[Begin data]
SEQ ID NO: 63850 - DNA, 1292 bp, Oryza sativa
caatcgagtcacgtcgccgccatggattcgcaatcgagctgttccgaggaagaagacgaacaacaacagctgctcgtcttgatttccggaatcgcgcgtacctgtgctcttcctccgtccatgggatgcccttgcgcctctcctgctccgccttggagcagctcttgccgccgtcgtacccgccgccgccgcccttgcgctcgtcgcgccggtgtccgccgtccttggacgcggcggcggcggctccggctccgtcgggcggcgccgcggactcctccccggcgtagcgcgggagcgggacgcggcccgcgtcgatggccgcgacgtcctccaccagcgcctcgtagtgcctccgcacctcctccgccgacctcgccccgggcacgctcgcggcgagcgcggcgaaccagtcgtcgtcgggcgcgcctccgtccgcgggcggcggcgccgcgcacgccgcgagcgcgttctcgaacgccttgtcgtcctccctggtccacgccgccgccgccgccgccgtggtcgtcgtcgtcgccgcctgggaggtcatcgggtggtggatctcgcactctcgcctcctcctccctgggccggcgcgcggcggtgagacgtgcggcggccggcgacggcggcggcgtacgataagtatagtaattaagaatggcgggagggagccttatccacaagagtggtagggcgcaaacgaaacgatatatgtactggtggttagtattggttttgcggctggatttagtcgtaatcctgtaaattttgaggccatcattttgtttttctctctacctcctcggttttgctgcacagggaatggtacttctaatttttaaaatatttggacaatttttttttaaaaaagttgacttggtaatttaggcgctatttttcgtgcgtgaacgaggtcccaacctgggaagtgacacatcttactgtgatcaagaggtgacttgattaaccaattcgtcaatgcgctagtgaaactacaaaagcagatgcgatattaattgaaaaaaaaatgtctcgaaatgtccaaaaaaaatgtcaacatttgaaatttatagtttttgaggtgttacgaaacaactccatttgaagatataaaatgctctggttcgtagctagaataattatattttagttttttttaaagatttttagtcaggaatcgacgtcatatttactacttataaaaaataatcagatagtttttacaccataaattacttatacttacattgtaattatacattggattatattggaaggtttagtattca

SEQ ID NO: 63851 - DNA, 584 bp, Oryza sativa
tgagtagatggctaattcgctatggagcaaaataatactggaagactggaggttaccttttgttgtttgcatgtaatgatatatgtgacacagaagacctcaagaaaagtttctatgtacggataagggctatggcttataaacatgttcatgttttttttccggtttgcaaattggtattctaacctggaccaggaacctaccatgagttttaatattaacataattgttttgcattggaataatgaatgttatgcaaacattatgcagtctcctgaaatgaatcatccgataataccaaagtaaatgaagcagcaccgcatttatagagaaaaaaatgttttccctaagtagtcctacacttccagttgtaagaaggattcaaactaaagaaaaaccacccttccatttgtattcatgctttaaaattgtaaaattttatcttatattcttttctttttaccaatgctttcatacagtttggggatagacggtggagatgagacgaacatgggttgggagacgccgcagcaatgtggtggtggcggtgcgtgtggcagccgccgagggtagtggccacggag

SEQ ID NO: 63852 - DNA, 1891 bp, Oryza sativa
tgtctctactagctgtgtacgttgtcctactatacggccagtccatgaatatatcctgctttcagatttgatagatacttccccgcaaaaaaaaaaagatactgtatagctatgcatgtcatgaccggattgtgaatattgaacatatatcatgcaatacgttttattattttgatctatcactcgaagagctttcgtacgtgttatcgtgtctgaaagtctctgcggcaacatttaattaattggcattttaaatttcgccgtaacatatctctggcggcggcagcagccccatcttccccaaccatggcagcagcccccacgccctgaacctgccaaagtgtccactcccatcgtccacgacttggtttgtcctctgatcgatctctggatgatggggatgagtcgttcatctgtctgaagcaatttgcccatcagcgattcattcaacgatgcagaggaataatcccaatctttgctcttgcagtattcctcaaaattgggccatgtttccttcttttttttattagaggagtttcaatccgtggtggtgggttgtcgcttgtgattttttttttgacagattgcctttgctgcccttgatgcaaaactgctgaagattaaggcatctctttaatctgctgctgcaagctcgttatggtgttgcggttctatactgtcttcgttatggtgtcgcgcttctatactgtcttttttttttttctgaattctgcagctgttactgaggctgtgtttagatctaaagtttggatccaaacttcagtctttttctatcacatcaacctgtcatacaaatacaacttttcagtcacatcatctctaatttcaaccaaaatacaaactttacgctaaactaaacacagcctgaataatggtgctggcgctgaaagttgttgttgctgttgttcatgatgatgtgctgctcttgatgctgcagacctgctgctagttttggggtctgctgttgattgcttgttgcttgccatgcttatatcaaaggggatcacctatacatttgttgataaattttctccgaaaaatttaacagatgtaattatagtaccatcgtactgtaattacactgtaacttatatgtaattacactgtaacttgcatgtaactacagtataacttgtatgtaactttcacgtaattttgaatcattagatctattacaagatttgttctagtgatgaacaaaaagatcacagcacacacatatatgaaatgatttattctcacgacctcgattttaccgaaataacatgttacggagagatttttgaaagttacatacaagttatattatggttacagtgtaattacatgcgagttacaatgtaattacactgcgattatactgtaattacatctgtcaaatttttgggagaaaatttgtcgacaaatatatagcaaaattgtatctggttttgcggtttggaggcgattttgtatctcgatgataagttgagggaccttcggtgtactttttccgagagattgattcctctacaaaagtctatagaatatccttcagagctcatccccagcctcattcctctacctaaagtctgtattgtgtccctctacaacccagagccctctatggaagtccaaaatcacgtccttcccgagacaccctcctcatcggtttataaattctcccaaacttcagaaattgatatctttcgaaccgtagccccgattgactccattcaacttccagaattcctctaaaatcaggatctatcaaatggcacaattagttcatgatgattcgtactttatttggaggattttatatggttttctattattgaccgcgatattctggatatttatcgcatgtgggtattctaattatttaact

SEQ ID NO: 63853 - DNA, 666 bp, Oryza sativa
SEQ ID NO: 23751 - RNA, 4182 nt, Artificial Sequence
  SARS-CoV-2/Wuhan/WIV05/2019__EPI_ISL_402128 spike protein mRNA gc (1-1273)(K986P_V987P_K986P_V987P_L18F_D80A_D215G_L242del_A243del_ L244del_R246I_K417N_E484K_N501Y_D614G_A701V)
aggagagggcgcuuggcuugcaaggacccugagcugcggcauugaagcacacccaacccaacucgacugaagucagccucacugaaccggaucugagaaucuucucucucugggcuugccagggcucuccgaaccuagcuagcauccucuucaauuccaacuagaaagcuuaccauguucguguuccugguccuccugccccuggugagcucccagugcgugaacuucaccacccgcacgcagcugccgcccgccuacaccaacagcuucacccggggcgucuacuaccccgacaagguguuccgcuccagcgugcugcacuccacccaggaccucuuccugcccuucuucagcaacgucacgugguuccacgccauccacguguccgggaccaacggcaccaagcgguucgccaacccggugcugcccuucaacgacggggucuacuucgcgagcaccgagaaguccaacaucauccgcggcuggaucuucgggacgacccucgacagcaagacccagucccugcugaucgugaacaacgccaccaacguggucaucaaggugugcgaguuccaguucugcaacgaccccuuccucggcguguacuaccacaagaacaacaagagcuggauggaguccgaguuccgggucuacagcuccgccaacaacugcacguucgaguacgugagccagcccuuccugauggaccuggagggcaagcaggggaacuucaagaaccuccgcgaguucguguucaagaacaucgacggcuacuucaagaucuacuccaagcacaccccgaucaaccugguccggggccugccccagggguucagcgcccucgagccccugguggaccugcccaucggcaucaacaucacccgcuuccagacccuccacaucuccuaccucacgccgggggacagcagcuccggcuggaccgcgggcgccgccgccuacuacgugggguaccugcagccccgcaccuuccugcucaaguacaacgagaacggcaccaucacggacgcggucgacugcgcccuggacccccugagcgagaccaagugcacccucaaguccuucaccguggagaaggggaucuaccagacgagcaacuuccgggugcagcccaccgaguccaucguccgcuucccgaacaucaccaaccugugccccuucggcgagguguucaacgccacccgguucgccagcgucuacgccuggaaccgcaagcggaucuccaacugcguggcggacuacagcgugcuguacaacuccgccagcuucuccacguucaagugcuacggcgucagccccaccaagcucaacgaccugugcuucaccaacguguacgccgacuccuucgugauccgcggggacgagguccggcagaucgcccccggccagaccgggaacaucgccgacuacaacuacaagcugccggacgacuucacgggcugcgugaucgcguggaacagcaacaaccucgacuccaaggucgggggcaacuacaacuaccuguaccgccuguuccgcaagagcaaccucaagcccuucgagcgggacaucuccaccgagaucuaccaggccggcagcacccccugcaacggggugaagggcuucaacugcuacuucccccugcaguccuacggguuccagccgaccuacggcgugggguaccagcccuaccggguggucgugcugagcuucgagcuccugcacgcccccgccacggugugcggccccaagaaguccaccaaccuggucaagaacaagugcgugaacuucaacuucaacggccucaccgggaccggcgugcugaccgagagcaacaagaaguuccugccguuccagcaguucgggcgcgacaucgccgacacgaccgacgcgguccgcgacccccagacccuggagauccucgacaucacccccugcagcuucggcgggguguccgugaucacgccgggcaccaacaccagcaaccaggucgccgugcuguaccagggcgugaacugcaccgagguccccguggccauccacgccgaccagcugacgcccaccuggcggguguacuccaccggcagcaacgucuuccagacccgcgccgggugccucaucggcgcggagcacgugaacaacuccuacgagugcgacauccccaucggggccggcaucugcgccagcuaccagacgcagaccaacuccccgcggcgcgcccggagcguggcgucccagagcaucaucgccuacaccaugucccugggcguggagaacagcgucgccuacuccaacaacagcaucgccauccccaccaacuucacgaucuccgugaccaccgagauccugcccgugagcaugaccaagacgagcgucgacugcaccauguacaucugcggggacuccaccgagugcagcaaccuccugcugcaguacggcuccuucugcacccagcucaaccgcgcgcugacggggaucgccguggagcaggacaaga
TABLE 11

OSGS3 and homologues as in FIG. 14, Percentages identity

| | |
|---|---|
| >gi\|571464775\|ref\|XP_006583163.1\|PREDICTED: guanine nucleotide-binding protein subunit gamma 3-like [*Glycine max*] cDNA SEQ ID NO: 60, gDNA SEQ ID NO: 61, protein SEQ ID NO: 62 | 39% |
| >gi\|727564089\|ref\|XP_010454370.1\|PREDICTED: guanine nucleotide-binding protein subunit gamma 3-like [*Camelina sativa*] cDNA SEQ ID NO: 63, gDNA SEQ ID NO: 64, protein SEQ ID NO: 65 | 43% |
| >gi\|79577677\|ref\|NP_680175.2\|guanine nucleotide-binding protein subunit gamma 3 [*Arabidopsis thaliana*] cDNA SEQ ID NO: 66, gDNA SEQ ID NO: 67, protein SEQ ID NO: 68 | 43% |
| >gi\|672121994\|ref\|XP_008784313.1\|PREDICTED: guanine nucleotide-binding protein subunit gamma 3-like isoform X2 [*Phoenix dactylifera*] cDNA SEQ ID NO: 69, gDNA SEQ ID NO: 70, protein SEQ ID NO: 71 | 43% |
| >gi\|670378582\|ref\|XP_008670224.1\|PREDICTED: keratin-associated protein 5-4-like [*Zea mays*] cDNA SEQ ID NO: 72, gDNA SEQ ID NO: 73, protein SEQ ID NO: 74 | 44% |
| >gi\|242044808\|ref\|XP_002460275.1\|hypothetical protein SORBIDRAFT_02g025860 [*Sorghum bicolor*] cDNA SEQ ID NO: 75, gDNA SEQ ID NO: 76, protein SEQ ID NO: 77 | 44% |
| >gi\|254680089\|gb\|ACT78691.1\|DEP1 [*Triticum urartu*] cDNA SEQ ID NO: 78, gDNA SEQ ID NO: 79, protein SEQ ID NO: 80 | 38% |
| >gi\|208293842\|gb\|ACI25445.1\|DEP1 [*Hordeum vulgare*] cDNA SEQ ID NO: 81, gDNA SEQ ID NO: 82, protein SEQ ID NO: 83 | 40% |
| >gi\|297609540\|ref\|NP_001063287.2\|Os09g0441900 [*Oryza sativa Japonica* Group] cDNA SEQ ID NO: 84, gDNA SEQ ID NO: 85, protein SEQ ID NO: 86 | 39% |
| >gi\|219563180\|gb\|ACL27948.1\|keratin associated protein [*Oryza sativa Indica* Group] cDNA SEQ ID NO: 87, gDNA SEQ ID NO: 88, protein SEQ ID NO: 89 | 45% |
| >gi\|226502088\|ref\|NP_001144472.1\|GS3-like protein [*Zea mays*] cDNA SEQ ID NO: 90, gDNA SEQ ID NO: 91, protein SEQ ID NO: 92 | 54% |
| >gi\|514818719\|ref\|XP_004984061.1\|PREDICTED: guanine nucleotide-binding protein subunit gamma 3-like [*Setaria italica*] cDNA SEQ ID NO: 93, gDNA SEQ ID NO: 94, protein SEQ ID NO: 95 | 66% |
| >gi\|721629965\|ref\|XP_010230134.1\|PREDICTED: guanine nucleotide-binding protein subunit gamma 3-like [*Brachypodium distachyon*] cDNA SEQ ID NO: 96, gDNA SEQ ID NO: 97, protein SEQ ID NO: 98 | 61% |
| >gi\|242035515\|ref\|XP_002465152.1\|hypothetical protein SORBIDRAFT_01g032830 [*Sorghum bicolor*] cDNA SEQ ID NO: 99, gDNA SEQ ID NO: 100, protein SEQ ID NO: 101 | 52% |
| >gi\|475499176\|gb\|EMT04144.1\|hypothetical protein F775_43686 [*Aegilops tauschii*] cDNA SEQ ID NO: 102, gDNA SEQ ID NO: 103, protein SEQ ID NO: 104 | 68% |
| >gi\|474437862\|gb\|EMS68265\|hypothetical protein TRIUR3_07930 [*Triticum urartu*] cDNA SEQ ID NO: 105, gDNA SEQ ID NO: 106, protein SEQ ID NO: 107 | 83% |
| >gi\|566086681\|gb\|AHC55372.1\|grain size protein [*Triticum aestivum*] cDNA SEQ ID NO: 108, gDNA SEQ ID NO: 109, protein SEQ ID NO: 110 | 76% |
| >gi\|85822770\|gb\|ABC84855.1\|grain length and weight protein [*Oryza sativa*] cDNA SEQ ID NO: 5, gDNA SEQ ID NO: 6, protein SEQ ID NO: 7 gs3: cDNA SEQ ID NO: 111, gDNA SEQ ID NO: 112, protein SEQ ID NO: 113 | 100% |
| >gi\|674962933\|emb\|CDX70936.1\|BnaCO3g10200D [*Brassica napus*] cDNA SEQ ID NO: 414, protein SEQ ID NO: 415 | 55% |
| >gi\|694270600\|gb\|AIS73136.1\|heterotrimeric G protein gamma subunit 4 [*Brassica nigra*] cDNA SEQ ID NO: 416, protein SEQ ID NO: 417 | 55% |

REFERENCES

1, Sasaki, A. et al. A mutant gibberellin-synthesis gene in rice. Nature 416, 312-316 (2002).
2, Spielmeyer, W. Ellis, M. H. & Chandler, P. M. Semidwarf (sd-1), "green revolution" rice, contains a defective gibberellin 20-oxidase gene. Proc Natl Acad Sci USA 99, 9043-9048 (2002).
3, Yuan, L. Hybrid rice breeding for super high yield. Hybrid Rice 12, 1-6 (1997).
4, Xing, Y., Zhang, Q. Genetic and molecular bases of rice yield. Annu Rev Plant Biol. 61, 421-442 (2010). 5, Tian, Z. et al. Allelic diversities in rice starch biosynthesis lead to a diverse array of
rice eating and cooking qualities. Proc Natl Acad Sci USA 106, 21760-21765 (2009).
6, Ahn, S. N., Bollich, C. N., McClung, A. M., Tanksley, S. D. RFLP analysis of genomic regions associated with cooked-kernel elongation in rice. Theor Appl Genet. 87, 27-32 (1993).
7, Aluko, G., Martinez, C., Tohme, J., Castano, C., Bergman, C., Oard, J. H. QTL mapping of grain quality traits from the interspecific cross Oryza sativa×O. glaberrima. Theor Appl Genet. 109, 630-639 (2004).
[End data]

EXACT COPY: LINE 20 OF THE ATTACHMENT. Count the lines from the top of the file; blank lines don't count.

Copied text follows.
| >gi\|242044808\|ref\|XP_002460275.1\|hypothetical protein SORBIDRAFT_02g025860 [*Sorghum bicolor*] cDNA SEQ ID NO: 75, gDNA SEQ ID NO: 76, protein SEQ ID NO: 77 | 44% |